Perl Help in the Unix Shell

I often work with lists of files in Unix. Usually those lists are generated with find. The other day, I had a list and I had deleted a lot of unwanted entries from the list, which I usually do on-the-fly in vim as I see things I don’t want to include, I’ll run a :g?/\.svn/?d, for example, to delete all files with /.svn/ in their path.

After a bit of work, I realized I had directories in the list, which I did not want. If I had had presence of mind to start with, I could have done something like find . ! -type d but I don’t want to start over and have to make all the edits again.

Perl to the rescue in the form of a one-liner!

Starting with this sample file ~/a.in:

.
./fruit
./fruit/apple.txt
./fruit/banana.txt
./jewels
./jewels/diamond.txt
./jewels/ruby.txt
./vegetables
./vegetables/carrots.txt

I run this:

$ perl -lne '-d || print' ~/a.in >~/a.out

Which gives me:

$ cat ~/a.out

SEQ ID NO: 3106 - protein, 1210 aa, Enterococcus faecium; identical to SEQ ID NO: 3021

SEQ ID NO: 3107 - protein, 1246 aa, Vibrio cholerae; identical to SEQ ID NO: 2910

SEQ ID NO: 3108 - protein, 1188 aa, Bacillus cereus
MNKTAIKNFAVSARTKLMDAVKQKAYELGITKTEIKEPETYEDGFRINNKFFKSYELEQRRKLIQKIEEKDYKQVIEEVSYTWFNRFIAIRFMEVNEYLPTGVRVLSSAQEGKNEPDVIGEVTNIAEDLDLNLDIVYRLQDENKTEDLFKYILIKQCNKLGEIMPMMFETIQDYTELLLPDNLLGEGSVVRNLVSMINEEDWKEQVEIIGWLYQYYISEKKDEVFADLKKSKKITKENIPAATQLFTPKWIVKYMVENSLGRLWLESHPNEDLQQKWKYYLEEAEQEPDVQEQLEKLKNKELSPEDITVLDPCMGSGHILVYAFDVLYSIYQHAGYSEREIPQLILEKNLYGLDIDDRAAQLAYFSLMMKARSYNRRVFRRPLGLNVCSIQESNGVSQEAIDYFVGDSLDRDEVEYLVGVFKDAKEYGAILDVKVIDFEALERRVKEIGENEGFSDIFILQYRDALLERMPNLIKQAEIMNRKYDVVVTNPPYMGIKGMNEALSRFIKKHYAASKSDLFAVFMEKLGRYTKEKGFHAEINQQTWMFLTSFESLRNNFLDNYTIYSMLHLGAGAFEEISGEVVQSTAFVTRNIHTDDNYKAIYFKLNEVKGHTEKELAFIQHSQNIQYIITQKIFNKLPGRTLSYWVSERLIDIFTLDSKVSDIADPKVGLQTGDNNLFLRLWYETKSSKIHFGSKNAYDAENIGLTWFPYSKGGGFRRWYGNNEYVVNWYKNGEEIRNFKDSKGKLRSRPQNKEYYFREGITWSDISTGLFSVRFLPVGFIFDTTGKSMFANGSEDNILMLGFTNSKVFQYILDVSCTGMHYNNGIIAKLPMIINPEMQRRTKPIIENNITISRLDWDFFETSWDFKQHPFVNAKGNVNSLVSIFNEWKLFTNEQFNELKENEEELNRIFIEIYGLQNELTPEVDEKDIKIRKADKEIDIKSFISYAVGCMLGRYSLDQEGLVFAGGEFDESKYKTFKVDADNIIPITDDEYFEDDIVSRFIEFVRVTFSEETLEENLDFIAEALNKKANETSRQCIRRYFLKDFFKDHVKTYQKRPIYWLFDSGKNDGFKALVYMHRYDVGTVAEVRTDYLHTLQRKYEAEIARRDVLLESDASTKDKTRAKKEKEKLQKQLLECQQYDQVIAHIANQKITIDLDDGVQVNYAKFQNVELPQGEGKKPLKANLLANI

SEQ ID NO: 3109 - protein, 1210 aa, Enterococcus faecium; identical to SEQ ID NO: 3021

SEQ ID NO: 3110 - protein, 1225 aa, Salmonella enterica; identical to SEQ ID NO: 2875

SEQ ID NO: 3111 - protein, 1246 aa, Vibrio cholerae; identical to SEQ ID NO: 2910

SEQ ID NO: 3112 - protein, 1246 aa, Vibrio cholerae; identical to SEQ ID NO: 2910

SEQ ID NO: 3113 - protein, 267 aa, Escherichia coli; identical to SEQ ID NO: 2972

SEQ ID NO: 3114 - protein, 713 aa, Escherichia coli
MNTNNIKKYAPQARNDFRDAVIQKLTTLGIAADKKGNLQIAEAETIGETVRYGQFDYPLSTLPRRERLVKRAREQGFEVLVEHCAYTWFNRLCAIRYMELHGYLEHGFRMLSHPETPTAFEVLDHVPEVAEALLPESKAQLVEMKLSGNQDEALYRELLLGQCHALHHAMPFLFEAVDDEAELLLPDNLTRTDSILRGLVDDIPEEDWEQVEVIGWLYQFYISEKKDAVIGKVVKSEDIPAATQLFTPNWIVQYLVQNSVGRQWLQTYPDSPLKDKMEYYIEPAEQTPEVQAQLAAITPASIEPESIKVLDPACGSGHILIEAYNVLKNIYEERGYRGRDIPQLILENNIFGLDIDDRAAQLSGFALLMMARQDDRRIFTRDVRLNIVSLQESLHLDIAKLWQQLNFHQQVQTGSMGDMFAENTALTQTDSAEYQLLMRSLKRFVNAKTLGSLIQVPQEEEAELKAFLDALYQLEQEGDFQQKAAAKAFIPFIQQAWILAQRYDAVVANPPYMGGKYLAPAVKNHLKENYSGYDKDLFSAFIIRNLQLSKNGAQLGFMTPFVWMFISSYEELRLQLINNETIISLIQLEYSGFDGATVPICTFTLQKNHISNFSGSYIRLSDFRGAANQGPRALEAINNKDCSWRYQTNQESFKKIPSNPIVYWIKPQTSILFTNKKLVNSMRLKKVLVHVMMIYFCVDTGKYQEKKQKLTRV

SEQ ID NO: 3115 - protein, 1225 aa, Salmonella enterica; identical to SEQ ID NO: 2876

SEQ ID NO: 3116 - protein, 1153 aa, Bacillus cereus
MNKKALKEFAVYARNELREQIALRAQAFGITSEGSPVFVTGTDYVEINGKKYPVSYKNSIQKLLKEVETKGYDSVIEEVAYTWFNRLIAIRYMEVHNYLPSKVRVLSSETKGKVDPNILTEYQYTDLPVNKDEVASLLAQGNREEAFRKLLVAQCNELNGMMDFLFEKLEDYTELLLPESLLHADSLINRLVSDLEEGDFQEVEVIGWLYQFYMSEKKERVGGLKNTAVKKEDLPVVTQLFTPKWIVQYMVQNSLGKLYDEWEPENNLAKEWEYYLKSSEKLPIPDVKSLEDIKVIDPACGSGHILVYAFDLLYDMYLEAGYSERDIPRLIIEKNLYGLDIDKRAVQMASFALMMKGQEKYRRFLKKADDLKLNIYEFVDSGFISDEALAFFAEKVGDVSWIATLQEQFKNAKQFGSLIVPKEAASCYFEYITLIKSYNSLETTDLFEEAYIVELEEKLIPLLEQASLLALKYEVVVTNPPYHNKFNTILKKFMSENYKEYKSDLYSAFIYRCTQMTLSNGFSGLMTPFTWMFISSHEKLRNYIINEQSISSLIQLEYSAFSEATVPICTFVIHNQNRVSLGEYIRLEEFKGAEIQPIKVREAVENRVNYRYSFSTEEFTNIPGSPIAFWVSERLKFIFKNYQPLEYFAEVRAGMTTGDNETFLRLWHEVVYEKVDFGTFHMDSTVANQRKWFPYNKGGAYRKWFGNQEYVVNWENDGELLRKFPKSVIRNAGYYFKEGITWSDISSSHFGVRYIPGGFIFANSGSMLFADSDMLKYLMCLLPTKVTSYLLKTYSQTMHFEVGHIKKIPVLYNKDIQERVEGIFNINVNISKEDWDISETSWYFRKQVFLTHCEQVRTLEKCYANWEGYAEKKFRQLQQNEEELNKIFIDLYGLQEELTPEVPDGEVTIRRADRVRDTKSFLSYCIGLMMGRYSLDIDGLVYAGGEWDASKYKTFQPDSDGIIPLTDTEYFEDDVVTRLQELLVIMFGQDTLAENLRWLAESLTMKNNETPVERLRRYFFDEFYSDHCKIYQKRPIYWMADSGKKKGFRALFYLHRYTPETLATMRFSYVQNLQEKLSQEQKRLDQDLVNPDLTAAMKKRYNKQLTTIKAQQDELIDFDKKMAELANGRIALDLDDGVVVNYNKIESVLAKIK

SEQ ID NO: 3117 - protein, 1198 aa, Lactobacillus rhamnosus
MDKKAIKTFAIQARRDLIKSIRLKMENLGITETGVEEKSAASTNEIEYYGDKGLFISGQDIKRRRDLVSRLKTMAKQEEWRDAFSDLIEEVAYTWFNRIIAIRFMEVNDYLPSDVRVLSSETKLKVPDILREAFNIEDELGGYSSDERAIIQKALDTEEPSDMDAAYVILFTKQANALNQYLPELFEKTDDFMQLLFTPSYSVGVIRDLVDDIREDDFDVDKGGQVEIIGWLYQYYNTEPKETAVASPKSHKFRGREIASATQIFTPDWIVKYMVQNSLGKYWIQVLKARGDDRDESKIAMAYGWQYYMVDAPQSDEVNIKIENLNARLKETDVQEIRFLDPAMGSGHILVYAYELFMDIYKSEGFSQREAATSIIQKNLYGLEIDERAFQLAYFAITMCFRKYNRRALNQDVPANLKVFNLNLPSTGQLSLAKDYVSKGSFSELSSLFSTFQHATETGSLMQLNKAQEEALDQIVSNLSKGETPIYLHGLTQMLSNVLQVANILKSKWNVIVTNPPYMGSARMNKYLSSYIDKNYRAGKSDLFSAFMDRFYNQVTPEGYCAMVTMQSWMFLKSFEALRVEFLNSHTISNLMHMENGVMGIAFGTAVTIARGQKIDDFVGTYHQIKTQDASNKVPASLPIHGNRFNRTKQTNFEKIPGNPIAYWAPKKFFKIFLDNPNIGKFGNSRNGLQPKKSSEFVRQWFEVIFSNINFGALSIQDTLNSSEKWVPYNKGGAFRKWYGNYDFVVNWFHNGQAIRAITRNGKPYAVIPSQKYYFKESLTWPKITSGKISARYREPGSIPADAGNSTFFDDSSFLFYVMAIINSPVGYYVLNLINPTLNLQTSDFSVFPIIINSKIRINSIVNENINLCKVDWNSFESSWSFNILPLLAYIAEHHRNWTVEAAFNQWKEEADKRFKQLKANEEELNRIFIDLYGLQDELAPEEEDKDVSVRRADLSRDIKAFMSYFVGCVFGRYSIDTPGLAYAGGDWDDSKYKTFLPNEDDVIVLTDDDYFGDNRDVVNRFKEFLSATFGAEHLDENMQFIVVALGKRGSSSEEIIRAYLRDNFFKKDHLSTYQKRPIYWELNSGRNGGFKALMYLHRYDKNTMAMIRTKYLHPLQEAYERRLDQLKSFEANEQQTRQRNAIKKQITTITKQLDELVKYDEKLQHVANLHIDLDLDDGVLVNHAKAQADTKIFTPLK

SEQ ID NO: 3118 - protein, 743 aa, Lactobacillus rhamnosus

./fruit/apple.txt
./fruit/banana.txt
./jewels/diamond.txt
./jewels/ruby.txt
./vegetables/carrots.txt

Arguments are as follows (see perl --help for more detailed information):
* l automatically chomp each line, removing the newline at the end of it
* n puts the code inside a while() { ... } loop
* e execute the next argument as code (which goes inside while loop)
* '-d || print' the current line is a directory OR (||) print it
* ~/a.in the input file which contains the names of files and directories
* >~/a.out send output to file ~/a.out

If you’re very confident, you can run:

$ perl -i -lne '-d || print' ~/a.in

The switch -i tells perl to edit the file in place. There are options to back up the original file if you’re less confident – see perl --help

Advertisements